Multiple man matches often have issues with selling but there are long sections of this match where two guys lie around selling. It’s terrible. As the match progresses it get sloppier and the only entertainment is the storytelling. In particular when Simmons turns on Beck. The reaction of the crowd is great and Karsten’s look of shock is perfect. If you can ignore the gaping issues the match has, then the near falls down the stretch draw the crowd in nicely. Especially the timing on the spear through the table at ringside and Simmons kicking out of Karsten’s piledriver. Simmons ends up pinning Beck with a sloppy version of his own piledriver. Whether you enjoy this will depend hugely on whether you can overlook the flaws. The live crowd could, I could not. *3/4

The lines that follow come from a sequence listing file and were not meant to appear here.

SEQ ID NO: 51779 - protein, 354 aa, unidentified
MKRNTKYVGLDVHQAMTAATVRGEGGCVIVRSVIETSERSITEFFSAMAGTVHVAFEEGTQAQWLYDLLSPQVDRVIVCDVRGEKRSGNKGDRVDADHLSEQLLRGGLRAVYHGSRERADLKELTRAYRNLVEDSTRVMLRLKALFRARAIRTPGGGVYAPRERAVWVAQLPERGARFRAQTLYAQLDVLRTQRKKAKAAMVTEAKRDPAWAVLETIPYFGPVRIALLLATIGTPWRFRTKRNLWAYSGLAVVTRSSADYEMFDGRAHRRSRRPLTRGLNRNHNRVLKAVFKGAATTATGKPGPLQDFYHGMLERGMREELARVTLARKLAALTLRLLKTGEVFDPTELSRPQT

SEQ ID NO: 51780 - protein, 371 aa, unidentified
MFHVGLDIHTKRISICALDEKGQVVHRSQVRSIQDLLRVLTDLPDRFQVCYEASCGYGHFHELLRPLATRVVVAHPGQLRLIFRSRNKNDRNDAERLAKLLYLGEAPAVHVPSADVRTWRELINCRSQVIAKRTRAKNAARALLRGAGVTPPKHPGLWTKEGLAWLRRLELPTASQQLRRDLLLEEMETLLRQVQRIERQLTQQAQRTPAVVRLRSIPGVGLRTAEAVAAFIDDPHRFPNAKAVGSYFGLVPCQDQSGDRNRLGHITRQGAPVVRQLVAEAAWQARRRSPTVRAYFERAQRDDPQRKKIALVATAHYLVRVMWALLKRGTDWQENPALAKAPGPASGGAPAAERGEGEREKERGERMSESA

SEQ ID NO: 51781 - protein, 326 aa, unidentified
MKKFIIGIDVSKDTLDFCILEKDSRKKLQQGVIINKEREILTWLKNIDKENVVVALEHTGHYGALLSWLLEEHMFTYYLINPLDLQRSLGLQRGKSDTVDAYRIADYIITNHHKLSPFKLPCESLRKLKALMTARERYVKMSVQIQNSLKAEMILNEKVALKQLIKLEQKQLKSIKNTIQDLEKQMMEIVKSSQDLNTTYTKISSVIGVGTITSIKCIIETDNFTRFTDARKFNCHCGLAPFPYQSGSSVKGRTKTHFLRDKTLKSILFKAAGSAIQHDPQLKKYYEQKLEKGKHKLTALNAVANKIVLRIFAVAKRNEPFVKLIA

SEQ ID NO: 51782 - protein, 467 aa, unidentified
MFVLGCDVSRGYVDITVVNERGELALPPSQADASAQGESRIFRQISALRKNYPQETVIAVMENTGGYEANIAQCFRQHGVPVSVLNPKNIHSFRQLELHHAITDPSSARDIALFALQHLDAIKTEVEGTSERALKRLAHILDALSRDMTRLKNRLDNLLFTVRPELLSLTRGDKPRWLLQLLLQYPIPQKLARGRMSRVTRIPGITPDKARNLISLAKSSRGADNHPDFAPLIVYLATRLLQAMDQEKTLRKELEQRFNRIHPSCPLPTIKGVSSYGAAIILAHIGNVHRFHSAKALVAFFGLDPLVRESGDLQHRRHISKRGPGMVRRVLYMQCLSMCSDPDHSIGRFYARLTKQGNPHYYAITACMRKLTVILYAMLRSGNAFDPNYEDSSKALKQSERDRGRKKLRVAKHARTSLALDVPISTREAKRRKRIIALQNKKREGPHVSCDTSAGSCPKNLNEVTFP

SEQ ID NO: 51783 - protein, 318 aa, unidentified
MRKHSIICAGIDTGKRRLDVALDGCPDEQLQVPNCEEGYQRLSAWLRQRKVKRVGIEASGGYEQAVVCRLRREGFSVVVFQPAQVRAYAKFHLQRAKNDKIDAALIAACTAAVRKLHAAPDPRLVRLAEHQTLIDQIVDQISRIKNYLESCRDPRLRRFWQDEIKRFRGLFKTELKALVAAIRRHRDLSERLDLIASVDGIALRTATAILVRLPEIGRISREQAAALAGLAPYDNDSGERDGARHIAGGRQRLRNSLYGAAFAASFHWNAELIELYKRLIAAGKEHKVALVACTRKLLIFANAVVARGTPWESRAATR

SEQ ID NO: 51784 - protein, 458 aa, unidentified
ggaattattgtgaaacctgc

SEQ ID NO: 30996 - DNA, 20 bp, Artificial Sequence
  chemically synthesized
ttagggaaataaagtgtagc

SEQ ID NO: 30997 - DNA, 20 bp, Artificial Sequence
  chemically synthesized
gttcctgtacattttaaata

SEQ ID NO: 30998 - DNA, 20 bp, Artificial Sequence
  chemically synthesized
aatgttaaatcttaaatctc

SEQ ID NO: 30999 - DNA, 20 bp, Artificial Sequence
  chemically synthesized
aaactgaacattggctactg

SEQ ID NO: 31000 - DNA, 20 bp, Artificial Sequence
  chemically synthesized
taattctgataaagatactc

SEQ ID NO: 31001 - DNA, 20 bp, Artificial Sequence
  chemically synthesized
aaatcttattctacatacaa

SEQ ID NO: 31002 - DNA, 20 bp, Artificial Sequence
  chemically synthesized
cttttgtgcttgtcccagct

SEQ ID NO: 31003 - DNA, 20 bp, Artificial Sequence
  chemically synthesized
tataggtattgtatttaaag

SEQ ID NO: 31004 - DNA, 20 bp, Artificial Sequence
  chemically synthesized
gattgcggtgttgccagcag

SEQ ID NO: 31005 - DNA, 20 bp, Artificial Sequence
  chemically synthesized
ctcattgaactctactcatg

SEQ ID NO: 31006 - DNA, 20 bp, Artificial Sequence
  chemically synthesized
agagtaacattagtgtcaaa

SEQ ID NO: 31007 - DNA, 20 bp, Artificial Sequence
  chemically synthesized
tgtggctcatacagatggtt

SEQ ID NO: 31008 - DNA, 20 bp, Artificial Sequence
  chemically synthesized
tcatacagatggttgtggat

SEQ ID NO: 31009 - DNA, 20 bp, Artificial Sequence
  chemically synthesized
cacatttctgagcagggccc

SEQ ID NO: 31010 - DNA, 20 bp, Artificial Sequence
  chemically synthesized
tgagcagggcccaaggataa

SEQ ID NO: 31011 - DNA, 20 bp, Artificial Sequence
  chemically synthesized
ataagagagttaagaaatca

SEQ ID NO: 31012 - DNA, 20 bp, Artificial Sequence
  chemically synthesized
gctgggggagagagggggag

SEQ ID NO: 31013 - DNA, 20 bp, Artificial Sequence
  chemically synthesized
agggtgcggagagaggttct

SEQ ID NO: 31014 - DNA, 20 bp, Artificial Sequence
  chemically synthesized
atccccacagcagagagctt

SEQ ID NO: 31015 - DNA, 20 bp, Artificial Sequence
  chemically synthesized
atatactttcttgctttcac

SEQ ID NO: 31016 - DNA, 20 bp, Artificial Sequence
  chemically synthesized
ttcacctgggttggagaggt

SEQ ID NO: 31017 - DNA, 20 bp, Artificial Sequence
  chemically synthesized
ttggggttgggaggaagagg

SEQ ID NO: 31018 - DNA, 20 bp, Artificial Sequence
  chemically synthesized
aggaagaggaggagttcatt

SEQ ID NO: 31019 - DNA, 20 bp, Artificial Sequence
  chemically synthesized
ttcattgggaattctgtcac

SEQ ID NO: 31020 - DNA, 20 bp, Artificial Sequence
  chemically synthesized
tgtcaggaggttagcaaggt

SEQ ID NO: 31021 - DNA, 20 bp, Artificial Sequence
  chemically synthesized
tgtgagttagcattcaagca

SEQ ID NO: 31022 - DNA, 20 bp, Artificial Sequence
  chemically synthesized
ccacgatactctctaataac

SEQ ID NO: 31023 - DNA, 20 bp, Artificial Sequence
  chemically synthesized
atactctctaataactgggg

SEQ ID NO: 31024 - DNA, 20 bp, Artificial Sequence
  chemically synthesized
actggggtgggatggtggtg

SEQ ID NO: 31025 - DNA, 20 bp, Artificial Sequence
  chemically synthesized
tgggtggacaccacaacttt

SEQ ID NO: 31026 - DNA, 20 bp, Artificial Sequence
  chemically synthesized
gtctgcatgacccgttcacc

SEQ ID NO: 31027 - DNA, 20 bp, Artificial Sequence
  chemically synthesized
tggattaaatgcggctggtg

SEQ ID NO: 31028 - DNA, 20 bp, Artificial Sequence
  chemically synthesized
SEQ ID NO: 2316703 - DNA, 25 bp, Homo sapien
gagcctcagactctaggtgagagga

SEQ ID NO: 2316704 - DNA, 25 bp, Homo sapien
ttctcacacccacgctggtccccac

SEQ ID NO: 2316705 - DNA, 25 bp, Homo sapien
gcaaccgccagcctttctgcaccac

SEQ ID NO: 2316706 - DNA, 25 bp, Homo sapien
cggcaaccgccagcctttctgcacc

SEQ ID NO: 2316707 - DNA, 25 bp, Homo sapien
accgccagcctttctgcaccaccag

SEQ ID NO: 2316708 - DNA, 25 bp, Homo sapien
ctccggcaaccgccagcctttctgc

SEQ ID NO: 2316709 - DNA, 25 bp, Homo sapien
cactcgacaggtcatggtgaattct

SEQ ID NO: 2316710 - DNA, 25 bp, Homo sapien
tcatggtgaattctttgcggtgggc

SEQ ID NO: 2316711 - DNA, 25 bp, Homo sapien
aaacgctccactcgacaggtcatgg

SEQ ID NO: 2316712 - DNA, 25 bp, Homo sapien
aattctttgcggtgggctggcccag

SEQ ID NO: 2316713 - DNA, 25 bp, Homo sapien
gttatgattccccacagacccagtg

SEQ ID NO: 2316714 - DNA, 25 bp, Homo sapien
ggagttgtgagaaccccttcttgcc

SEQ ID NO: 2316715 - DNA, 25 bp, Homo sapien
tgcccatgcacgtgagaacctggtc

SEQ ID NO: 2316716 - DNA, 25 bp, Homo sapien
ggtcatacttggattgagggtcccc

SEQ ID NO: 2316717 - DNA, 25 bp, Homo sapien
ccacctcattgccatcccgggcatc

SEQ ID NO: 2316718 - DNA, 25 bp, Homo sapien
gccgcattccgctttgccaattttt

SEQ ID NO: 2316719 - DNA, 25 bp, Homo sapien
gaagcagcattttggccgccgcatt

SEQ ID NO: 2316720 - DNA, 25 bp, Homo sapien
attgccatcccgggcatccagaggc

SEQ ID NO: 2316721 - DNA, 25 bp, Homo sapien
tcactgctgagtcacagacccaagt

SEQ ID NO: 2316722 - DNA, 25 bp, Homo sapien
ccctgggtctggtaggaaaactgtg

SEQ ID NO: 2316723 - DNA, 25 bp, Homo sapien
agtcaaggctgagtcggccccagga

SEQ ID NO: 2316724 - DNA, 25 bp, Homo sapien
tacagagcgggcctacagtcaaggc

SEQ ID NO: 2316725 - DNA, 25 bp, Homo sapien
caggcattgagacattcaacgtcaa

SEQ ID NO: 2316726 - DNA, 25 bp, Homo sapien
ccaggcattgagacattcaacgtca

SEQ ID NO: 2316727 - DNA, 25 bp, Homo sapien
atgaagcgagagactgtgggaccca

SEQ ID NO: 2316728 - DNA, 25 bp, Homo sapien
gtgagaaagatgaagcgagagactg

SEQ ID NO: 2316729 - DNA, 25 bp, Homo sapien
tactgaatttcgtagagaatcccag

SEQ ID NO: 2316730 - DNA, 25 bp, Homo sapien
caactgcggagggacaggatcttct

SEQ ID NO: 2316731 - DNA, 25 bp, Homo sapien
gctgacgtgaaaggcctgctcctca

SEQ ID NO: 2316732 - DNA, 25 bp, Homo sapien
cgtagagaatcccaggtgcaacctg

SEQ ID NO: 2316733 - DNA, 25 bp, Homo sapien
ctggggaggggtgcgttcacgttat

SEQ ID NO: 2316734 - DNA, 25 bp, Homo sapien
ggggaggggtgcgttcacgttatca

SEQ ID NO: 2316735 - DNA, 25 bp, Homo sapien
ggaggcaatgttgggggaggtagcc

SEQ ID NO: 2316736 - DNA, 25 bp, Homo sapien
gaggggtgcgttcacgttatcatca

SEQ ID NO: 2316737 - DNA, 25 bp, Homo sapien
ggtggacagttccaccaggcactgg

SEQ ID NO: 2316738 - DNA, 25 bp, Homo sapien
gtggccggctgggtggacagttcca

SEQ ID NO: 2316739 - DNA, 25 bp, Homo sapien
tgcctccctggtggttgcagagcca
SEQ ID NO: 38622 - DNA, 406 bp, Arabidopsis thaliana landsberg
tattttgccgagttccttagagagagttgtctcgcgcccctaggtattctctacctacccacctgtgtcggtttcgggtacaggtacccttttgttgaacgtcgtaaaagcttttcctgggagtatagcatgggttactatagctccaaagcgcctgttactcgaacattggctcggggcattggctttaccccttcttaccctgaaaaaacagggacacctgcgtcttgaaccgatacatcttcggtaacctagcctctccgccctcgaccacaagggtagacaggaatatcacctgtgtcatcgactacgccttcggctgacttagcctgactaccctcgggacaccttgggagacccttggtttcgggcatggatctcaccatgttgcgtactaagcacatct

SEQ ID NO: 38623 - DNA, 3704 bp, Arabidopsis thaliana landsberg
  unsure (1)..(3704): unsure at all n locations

Final Thoughts:

This was shaping up to be a great show until the stumbling main event. It’s still worth a look courtesy of an energetic and fast-paced undercard. Dieter Jr.-Dragunov is great considering how short it is, the early four-way is sensational spot work and Sabre Jr.-Ospreay is as great as you’d imagine it would be. Callihan-Thatcher is also really good and David Starr forced his way onto my radar with that performance in the second bout. There’s a lot to enjoy until the main event drags everything down just a touch.